Indian-origin top cop who killed London Bridge attack suspect faced racism while growing up

The assistant commissioner of the London Metropolitan Police, who, along with his team, shot dead British terror convict Usman Khan recently, has an Indian connection.

Scotland Yard's Head of Counter Terrorism Policing Assistant Commissioner, Basu can trace his roots back to Kolkata, from where his father Pankaj Kumar Basu hailed. His father relocated to the UK in 1961 and married a Welsh nurse.

According to a report by The Print, His father had been a surgeon with the UK police for 40 years.

Neil Basu graduated from Nottingham University with a major in Economics and then took up a job with Barclays Bank. Joining the Metropolitan Police at 24, he was soon promoted to the rank of a Sergeant in the Brixton area.

Basu is the third person from the top at Scotland Yard, after the commissioner and deputy commissioner. He is also the first Asian-origin officer to be appointed to the job.

His job essentially is to keep the United Kingdom safe. But Basu and his family has, in the past faced discrimination from the same people.

According to an earlier report by The Telegraph, Basu said, "My parents were a mixed race couple so holding hands in the streets of north Wales they would be stoned by members of the community."

As The Print reports, during one of his addresses to Members of Parliament on the Home Affairs Select Committee earlier this year, Basu said that he had dealt with racism his entire life.

“I’ve spent 51 years dealing with racism and the vast amount of racism I’ve had in my life has been the perception that I might be Muslim – and I’m not,” he said, responding to a controversial proposal from a cross-party group of MPs, which had defined Islamophobia as a “type of racism”.

“So, I look at that and I feel kind of personally conflicted about saying I can’t accept this definition, but professionally, for me, it’s about community confidence," he had added.

Also Read: Who was Usman Khan? What we know about the London bridge stabber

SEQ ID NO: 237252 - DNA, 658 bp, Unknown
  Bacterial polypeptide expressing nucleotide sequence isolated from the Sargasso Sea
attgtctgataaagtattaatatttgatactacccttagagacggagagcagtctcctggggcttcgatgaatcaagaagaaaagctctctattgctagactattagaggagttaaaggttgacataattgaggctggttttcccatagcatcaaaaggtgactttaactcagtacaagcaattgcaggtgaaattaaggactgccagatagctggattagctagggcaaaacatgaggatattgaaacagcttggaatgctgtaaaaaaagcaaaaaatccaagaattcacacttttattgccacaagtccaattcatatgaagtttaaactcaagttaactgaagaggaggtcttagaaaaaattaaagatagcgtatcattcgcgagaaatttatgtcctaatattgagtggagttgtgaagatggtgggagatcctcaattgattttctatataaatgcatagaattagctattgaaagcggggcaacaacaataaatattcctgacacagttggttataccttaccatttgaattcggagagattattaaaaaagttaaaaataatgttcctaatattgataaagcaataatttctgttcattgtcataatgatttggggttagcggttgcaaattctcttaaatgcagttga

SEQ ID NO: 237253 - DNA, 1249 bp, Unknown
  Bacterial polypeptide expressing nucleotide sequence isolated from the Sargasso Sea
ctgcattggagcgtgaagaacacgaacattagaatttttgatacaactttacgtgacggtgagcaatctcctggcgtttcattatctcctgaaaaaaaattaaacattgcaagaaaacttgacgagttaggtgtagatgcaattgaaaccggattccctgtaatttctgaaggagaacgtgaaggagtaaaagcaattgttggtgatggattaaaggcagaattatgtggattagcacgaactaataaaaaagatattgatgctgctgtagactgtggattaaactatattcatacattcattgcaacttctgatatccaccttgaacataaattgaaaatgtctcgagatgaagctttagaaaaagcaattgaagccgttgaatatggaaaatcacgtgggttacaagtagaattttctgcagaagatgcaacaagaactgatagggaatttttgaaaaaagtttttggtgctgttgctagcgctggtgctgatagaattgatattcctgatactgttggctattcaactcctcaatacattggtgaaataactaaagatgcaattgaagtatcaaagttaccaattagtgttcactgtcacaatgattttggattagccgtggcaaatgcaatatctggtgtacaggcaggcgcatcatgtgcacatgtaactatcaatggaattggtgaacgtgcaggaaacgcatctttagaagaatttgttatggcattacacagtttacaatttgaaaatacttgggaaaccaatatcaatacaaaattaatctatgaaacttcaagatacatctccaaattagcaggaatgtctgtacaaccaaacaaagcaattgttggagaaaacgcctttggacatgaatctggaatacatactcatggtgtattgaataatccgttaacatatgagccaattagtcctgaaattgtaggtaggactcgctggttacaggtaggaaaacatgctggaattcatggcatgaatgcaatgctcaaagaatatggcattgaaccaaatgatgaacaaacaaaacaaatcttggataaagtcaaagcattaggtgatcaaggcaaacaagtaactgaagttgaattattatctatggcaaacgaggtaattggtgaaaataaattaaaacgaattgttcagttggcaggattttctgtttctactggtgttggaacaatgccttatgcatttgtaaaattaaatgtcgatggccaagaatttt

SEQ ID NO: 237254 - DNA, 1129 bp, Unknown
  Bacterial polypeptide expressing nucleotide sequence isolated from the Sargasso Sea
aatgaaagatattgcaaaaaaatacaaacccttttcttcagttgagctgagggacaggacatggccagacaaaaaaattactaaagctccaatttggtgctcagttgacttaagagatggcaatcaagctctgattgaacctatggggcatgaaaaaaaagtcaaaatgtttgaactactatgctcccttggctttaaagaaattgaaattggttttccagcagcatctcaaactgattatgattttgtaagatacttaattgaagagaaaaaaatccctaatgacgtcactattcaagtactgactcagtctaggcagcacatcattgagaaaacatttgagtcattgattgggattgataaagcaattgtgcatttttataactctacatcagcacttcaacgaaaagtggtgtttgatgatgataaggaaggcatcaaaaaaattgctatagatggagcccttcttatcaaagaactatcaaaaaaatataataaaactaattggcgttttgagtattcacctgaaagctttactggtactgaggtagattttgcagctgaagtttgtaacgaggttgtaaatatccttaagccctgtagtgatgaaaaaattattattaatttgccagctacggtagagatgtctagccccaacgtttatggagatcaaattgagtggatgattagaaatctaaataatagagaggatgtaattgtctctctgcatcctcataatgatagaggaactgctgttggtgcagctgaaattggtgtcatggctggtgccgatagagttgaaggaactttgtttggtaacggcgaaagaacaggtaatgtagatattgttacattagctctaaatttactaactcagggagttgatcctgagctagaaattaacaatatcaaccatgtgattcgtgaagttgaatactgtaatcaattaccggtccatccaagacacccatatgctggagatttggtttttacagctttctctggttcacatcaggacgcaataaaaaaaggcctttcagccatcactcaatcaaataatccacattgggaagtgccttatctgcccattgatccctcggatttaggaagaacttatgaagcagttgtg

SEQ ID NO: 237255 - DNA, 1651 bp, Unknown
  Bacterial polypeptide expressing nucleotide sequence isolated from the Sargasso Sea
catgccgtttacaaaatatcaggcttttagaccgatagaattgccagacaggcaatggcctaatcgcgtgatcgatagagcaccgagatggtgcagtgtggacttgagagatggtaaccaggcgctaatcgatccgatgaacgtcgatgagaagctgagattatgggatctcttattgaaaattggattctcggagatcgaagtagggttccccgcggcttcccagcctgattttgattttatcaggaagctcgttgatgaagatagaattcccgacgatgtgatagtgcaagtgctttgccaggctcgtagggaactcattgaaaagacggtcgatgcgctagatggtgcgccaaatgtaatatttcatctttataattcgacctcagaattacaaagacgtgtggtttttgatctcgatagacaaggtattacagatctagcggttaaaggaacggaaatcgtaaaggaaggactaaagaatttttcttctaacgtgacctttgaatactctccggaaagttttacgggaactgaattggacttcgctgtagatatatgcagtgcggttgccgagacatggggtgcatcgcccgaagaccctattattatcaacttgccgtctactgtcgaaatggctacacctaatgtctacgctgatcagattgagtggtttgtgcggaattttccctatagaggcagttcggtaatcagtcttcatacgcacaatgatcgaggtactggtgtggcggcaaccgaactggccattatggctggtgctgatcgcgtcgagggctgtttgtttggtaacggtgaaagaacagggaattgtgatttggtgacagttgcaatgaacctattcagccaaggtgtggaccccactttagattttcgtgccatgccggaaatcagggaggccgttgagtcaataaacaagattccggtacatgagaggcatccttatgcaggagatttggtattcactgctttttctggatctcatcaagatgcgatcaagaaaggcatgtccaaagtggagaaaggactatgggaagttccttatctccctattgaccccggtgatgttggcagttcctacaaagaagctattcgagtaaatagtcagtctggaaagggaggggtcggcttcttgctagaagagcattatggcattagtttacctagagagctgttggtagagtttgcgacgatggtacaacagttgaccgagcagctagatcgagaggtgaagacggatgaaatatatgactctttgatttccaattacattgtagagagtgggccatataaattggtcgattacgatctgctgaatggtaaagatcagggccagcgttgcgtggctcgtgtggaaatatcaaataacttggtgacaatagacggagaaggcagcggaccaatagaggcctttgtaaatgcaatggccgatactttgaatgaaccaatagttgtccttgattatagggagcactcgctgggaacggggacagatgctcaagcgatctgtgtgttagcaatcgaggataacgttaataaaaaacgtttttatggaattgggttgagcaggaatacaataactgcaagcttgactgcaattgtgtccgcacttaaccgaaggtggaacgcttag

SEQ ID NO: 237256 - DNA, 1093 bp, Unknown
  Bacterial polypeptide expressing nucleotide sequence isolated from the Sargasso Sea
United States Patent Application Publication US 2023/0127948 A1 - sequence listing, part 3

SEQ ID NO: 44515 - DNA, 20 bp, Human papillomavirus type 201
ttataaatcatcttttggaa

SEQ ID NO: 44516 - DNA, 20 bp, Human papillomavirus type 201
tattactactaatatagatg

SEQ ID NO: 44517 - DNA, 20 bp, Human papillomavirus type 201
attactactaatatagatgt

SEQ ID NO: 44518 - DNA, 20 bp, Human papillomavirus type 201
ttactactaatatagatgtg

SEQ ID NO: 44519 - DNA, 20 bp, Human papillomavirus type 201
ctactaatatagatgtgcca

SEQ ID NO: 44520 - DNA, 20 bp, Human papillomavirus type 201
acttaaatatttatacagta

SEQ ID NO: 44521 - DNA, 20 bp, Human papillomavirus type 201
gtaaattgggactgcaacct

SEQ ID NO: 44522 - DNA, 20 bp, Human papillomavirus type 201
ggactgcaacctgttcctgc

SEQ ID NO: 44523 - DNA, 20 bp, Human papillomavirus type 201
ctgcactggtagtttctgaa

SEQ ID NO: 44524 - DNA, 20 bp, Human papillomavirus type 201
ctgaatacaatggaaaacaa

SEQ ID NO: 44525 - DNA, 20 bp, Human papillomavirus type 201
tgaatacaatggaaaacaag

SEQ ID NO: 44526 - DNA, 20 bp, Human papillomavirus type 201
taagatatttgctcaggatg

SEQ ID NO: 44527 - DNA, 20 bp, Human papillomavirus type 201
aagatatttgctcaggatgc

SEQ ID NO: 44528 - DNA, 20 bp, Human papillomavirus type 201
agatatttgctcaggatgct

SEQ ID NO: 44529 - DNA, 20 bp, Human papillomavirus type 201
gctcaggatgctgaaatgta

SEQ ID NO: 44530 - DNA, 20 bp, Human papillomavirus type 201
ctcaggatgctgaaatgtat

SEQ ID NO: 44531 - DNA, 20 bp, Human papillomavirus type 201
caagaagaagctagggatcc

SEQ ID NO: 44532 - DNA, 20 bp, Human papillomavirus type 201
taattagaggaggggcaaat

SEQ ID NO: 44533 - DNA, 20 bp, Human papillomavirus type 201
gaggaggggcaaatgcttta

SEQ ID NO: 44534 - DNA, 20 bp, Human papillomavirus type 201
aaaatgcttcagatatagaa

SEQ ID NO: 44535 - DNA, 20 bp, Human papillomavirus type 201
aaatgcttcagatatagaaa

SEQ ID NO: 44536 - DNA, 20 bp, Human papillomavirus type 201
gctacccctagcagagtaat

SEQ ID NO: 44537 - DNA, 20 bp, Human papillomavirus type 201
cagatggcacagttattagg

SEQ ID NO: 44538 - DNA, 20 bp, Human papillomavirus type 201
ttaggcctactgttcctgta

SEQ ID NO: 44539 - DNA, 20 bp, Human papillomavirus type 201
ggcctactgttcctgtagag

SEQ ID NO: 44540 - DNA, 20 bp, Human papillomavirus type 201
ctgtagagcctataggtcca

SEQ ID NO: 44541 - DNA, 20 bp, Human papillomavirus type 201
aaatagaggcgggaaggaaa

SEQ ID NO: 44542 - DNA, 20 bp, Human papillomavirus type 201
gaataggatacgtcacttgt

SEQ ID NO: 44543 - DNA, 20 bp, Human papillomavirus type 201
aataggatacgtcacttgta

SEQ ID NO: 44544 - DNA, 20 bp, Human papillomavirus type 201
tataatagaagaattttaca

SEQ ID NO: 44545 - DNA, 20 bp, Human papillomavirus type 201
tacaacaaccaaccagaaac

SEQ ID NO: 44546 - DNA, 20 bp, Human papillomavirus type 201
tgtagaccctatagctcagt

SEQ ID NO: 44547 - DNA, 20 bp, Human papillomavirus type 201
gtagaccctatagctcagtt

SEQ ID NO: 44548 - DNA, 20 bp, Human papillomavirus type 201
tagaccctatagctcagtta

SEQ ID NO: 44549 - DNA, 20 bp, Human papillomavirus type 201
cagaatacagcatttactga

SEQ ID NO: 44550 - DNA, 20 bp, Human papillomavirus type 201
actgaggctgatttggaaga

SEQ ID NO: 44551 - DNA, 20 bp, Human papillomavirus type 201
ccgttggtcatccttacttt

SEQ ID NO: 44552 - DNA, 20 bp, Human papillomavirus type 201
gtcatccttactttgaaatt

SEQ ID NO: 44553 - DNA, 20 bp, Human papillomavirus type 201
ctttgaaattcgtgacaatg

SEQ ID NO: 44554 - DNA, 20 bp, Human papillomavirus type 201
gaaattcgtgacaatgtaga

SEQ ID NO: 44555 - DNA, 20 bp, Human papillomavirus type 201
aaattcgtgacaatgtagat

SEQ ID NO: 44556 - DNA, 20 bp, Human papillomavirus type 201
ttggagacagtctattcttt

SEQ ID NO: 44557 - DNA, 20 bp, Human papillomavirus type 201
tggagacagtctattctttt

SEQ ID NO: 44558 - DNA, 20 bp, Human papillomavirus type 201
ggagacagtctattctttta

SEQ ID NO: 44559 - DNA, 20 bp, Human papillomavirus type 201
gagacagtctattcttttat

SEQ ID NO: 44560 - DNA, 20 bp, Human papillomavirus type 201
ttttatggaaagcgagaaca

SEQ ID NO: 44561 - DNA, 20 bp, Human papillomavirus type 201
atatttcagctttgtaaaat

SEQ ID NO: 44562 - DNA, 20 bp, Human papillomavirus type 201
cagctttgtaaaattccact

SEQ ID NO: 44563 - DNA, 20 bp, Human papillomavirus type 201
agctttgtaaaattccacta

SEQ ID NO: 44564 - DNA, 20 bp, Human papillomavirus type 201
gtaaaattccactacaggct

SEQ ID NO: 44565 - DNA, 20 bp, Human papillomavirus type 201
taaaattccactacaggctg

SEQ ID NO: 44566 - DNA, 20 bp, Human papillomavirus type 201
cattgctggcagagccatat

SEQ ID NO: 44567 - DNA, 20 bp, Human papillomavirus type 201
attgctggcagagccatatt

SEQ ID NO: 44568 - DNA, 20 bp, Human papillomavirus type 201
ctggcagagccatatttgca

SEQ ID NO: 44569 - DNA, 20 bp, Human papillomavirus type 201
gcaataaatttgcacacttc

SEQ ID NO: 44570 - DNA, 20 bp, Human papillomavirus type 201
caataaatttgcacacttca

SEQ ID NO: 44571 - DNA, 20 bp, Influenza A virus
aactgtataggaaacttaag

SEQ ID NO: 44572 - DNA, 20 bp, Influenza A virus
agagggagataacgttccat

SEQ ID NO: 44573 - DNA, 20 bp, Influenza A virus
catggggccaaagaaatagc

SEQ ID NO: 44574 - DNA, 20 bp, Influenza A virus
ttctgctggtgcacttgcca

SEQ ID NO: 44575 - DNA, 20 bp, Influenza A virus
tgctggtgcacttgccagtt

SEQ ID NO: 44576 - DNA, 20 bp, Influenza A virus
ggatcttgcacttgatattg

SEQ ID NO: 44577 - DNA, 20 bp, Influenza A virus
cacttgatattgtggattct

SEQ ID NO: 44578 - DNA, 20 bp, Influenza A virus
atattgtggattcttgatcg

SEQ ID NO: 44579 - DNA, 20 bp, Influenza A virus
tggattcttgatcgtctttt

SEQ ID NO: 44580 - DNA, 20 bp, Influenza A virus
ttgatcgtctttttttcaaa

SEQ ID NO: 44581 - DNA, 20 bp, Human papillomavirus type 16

Two people were stabbed to death and three others injured in a "terrorist" attack at London Bridge on Friday. The attack was carried out by a terror convict out on parole.

Identified as 28-year-old, Usman Khan was convicted in 2012 and released from prison in December 2018 on licence. Khan had been living in the Staffordshire area of central England, the police said, where searches are still being carried out in connection to the attack.

Khan had been convicted over a plot to bomb the London Stock Exchange and build a terrorist training camp on land owned by his family in Pakistan-occupied Kashmir.

Khan had also discussed staging a Mumbai-style attack on the UK Parliament and described by the judge who sentenced him for terrorism offences in 2012 as an ongoing risk to the public with a "serious, long term venture in terrorism".

Also Read: Five stabbed in London Bridge attack, suspect shot dead

Later, after the attack the Islamic State terror group claimed responsibility.

The group via its propaganda Amaq news agency said on Saturday that the attack was carried out by "a fighter from the Islamic State", according to the Site Intelligence Group, which monitors jihadist activities.

"The person who carried out the London attack... was a fighter from the Islamic State, and did so in response to calls to target citizens of coalition countries," the IS statement read.

However, it did not provide any evidence to support its claim.

Also Read: How a tour guide and his colleague helped stop London Bridge terrorist

(With inputs from agencies)